At Dallas Theological Seminary, it’s now a graduation requirement that students intending to become ministers take a short training class in sexual abuse awareness.
“This is not exhaustive, and there is more work that needs to be done by all of us as a culture,” Mark Yarbrough, the school’s vice president for academic affairs, told The Dallas Morning News. “But this is a way we can help students become informed so that when they are leaders, they are better equipped on how to help establish appropriate parameters in working with children.”
The one-hour “Ministry Safe” class is described as “entry-level certificate training” by the seminary. In the spring semester, the school plans to offer a fuller course on the subject, with more than 40 hours of instruction on abuse prevention in ministry settings.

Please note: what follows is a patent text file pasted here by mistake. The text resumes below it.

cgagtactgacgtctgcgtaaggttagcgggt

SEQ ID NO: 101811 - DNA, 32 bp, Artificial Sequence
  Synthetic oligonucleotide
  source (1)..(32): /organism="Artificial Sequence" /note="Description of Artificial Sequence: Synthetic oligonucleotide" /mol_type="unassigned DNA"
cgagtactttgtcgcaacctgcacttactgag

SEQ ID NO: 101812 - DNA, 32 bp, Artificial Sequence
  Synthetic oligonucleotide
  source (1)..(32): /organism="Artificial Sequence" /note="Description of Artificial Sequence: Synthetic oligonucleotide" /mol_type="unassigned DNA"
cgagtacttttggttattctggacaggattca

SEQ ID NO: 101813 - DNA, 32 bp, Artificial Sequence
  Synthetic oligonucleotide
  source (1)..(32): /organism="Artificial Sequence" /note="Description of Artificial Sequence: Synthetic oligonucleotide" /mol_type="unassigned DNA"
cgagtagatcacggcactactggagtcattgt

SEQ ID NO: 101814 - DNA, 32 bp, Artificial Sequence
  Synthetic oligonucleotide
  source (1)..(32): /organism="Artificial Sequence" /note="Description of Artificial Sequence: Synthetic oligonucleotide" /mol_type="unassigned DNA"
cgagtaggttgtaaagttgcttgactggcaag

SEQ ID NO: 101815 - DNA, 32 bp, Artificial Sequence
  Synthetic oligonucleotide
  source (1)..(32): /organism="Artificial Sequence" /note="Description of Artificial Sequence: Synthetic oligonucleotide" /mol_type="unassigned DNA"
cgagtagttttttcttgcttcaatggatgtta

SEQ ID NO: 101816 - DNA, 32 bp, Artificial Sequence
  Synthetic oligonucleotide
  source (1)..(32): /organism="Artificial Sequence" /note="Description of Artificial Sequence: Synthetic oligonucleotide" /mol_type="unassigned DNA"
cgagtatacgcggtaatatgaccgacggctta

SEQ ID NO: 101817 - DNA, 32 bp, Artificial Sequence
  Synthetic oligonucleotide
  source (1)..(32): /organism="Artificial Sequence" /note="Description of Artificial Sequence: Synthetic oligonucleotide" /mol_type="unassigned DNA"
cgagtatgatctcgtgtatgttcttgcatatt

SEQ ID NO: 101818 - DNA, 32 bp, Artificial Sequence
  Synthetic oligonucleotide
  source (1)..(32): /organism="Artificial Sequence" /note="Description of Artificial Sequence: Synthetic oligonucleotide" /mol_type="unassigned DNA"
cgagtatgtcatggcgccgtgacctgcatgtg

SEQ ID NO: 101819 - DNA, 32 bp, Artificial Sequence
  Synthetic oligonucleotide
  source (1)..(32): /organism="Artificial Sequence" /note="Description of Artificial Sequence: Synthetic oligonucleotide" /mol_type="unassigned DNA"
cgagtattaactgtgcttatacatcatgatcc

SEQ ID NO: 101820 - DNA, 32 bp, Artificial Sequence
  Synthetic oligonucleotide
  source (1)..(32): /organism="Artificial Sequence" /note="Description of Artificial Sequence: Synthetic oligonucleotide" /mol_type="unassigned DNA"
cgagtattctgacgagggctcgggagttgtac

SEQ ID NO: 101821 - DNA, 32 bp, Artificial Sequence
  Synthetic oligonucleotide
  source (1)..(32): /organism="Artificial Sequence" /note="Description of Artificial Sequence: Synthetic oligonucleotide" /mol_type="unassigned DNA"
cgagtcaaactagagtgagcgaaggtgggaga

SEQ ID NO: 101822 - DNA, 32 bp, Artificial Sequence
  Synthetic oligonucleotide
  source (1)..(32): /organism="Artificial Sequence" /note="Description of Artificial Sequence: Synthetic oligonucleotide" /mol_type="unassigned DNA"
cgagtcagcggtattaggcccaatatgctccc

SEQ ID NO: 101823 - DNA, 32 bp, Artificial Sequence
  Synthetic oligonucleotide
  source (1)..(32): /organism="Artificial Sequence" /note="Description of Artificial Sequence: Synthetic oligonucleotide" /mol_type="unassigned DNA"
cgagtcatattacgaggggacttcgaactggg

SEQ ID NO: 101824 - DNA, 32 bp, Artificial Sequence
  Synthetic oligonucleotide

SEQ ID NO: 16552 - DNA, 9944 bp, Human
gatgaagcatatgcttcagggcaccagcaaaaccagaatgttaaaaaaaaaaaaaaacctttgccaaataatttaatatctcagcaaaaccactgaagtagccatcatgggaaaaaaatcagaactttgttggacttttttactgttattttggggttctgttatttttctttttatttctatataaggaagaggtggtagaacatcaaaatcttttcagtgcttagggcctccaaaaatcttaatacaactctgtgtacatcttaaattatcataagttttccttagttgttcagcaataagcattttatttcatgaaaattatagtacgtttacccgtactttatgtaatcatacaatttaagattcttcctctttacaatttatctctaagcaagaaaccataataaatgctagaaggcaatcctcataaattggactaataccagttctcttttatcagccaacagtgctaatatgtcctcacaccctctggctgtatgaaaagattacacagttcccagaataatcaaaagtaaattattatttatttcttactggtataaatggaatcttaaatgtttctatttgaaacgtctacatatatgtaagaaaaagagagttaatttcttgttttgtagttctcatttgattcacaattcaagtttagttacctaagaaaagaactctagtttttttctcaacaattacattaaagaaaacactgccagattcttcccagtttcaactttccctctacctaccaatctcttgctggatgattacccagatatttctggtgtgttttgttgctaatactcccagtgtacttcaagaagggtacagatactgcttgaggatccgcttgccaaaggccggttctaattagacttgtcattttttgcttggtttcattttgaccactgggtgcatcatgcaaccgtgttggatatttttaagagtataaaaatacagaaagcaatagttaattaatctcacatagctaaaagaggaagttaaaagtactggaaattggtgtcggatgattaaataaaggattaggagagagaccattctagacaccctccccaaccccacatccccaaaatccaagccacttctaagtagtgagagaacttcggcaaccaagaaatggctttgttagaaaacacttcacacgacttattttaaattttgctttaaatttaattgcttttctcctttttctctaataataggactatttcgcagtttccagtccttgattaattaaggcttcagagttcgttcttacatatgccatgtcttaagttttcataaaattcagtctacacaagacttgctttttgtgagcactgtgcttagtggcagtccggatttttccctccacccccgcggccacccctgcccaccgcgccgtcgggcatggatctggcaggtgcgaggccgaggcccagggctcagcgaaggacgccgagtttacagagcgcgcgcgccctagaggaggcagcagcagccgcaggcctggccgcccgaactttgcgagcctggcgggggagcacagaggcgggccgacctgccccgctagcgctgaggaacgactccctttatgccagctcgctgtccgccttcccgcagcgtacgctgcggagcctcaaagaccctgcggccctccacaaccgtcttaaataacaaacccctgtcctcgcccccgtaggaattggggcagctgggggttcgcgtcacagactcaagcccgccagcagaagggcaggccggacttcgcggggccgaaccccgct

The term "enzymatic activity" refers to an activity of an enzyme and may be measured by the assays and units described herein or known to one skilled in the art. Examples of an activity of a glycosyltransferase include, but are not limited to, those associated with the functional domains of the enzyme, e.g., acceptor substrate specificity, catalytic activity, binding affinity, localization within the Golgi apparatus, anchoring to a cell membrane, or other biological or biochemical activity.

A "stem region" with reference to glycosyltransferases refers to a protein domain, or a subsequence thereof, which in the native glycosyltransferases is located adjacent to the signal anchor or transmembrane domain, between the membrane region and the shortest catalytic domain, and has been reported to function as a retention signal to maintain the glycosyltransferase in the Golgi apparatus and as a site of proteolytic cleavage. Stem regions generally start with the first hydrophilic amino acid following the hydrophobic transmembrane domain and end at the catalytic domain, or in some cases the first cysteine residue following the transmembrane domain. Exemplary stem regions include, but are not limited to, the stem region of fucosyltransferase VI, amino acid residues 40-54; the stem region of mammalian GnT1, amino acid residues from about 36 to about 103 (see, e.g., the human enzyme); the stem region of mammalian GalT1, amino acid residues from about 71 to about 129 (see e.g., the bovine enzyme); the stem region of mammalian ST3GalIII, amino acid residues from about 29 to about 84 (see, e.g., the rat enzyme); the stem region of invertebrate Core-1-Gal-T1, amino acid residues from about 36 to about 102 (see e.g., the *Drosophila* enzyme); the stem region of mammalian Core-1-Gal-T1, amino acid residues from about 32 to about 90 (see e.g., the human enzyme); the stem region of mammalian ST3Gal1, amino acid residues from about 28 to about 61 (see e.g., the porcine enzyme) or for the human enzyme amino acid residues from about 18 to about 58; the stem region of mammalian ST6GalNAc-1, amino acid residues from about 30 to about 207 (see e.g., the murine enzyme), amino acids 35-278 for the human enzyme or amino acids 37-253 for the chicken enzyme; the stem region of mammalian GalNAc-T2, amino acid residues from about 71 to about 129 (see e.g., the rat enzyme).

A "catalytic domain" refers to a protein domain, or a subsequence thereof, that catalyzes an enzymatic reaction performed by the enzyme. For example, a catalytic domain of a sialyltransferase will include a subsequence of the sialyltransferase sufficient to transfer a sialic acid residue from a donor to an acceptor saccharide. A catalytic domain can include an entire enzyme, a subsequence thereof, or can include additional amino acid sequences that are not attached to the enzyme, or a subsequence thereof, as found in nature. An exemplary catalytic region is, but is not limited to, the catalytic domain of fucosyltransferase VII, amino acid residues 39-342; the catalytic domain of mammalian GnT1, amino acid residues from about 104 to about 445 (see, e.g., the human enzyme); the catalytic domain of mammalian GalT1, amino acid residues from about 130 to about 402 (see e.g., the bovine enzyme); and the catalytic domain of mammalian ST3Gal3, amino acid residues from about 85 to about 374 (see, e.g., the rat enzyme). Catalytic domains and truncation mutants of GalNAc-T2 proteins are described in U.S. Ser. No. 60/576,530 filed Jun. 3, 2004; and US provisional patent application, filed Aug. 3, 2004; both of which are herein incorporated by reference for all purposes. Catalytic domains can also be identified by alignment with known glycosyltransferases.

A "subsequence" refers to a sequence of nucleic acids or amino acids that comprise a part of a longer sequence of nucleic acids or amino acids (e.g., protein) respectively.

Daniel Aleshire, executive director of the Association of Theological Schools, said the offerings are unique, especially for an evangelical school.
“This is the first I know of an evangelical seminary with a free-standing requirement for graduation to participate in this kind of discrete training,” he told RNS. “There are other seminaries where sexual boundary, sexual abuse issues are part of another course or class. But it would not be a free-standing event, as Dallas is doing.”
In the wake of the Catholic Church’s clergy sexual abuse crisis, many Catholic as well as Protestant seminaries began offering training on abuse prevention as part of ministry ethics, pastoral care or personal formation classes. And seminaries work with denominations on this kind of clergy training.
But Aleshire said the nondenominational seminary in Dallas is offering opportunities for clergy candidates who may not be affiliated with a denomination and may lead nondenominational congregations.
“That’s them being good stewards of the constituency they serve,” he said.